Book Review: John Lanchester – The Wall

A few months ago I was in our local branch of Waterstones looking for a book by Alex Hannold called Alone on the Wall (read my review here). The very helpful assistant thought that I had asked for The Wall by John Lanchester. Intrigued by the wrong book I had a look at some reviews and decided to give it a go. I’m very glad that I did.

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It’s set in a dystopian future, very 1984, where there has been some cataclysmic climate change event, resulting in huge sea level rises, mass migration and a complete lack of beaches around the UK. The future in the book is like some kind of nightmare Brexit scenario designed by Farage and the Daily Mail. To keep out migrants from Europe and beyond which have become uninhabitable, a huge wall around the whole coast of the UK has been built. Added to this, every person once they reach 18 have to spend two years on the wall defending it. This causes great resentment between the younger generation, who are not responsible for the mess the world is in, and the older generation, who are responsible, but don’t have to live with their actions. Much like climate change or Brexit. On top of this, if someone successfully gets over the wall in the section that you are supposed to be defending, you get turfed out.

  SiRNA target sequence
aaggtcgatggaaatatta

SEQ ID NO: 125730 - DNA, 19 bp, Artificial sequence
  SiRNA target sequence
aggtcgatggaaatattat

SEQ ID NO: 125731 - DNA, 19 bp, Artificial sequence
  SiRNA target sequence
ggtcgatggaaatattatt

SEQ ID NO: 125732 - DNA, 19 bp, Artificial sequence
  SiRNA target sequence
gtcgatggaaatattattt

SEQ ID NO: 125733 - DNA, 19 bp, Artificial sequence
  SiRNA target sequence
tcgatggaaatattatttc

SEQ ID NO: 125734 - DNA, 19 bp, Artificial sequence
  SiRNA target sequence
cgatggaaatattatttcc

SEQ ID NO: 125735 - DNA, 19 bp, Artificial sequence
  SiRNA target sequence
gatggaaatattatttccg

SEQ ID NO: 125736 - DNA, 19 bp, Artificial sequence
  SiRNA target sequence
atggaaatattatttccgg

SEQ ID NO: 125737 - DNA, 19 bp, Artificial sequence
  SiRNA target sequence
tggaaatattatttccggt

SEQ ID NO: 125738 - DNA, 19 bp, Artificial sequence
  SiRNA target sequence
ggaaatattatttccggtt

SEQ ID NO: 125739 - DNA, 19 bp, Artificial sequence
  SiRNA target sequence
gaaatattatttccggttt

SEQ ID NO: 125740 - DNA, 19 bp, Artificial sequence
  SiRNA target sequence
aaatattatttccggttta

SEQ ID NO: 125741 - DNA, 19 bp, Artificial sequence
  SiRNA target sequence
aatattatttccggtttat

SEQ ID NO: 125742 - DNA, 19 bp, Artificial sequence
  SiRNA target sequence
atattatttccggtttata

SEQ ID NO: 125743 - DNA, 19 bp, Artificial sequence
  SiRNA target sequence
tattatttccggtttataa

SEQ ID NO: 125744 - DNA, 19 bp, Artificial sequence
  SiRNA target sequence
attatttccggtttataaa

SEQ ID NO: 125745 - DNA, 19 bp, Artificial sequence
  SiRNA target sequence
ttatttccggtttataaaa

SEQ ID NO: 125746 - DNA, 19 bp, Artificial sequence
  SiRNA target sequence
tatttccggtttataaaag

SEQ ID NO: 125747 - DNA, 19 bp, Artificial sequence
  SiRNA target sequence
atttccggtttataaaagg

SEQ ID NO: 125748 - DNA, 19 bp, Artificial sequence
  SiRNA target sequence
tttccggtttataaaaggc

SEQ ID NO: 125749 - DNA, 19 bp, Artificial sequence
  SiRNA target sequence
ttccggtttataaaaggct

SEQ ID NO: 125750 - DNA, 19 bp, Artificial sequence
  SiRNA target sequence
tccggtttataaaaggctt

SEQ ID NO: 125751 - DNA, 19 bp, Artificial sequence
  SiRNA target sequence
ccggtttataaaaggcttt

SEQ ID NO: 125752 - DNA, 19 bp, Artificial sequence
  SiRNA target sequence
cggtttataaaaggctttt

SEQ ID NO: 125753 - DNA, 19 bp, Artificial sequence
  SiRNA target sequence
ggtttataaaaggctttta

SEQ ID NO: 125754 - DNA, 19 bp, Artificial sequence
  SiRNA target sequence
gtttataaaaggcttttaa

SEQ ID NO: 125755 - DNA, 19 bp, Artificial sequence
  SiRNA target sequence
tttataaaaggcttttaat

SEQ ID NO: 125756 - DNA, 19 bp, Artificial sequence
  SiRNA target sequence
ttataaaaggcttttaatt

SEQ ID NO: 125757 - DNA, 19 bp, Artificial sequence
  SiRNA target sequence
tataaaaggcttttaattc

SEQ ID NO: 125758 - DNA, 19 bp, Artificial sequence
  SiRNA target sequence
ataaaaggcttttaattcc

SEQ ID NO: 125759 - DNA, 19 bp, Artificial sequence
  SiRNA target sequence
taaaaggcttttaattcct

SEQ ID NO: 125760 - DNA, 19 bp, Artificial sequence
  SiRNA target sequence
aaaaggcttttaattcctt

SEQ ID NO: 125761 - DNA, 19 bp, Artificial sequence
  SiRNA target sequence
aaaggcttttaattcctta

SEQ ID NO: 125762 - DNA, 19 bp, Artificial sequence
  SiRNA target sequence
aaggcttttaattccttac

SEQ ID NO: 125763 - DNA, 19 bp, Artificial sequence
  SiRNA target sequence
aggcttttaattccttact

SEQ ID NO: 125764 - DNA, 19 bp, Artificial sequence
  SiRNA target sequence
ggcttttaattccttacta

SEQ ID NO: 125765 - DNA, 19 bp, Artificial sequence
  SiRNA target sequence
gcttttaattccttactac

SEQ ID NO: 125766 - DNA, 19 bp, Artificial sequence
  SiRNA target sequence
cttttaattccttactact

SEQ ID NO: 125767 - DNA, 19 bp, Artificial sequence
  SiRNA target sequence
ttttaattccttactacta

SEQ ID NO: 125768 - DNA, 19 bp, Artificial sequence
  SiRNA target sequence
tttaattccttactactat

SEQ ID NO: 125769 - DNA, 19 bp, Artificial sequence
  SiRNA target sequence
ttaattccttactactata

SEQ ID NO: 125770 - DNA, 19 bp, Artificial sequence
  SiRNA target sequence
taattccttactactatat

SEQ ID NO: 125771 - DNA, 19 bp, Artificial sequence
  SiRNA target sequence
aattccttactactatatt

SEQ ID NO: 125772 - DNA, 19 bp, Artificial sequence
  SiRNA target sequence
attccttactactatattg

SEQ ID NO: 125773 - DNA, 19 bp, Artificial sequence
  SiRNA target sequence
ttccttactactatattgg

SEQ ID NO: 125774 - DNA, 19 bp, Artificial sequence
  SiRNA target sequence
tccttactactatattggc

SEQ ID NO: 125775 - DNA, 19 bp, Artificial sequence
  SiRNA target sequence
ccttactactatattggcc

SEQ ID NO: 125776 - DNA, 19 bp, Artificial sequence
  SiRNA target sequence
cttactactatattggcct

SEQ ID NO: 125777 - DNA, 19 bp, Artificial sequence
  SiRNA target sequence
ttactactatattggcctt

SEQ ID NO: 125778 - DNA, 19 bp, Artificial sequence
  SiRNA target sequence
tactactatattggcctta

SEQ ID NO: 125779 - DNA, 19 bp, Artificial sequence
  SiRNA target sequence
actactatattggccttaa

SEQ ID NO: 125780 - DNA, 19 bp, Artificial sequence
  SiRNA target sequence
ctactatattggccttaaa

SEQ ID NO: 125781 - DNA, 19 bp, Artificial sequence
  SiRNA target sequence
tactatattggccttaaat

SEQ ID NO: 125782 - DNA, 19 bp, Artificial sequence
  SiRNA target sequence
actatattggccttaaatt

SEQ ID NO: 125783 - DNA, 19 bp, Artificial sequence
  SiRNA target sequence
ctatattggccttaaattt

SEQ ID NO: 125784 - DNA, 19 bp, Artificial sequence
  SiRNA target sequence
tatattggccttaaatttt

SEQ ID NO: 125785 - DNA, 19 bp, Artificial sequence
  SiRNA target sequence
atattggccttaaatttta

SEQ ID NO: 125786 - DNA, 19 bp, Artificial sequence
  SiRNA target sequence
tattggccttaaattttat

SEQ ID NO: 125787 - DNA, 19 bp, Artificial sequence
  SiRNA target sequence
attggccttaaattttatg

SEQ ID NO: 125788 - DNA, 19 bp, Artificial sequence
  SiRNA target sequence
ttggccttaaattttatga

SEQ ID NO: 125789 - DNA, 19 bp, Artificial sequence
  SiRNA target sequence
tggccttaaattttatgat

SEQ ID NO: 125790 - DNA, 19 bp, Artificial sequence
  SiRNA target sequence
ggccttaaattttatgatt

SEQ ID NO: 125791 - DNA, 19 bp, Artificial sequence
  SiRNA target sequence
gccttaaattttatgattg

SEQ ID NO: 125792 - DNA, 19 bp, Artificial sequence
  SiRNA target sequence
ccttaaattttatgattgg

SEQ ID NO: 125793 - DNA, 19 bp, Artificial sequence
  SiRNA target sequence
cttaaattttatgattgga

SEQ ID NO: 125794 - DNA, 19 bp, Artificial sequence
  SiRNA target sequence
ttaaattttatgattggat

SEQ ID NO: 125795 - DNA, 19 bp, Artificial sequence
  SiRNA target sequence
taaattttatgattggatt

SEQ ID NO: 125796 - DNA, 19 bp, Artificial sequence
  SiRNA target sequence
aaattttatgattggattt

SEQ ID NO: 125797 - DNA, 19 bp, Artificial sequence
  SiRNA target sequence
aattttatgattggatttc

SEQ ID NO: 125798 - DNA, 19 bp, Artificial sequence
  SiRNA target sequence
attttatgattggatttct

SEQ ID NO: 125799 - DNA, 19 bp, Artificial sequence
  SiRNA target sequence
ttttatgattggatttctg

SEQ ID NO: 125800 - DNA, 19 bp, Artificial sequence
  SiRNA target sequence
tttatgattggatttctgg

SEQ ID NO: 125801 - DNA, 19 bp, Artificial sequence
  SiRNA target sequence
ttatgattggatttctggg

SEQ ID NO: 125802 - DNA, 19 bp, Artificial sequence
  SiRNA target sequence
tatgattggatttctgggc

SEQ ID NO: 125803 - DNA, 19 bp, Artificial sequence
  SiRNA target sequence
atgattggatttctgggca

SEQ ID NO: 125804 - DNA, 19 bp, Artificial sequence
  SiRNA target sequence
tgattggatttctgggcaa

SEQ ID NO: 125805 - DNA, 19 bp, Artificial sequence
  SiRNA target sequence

What actually caused the UK to become so insular is never explained, or how the wall came to be built, but I do hope that John Lanchester is busy writing a sequel. This book would be good for the Manchester post apocalypse book club to read.

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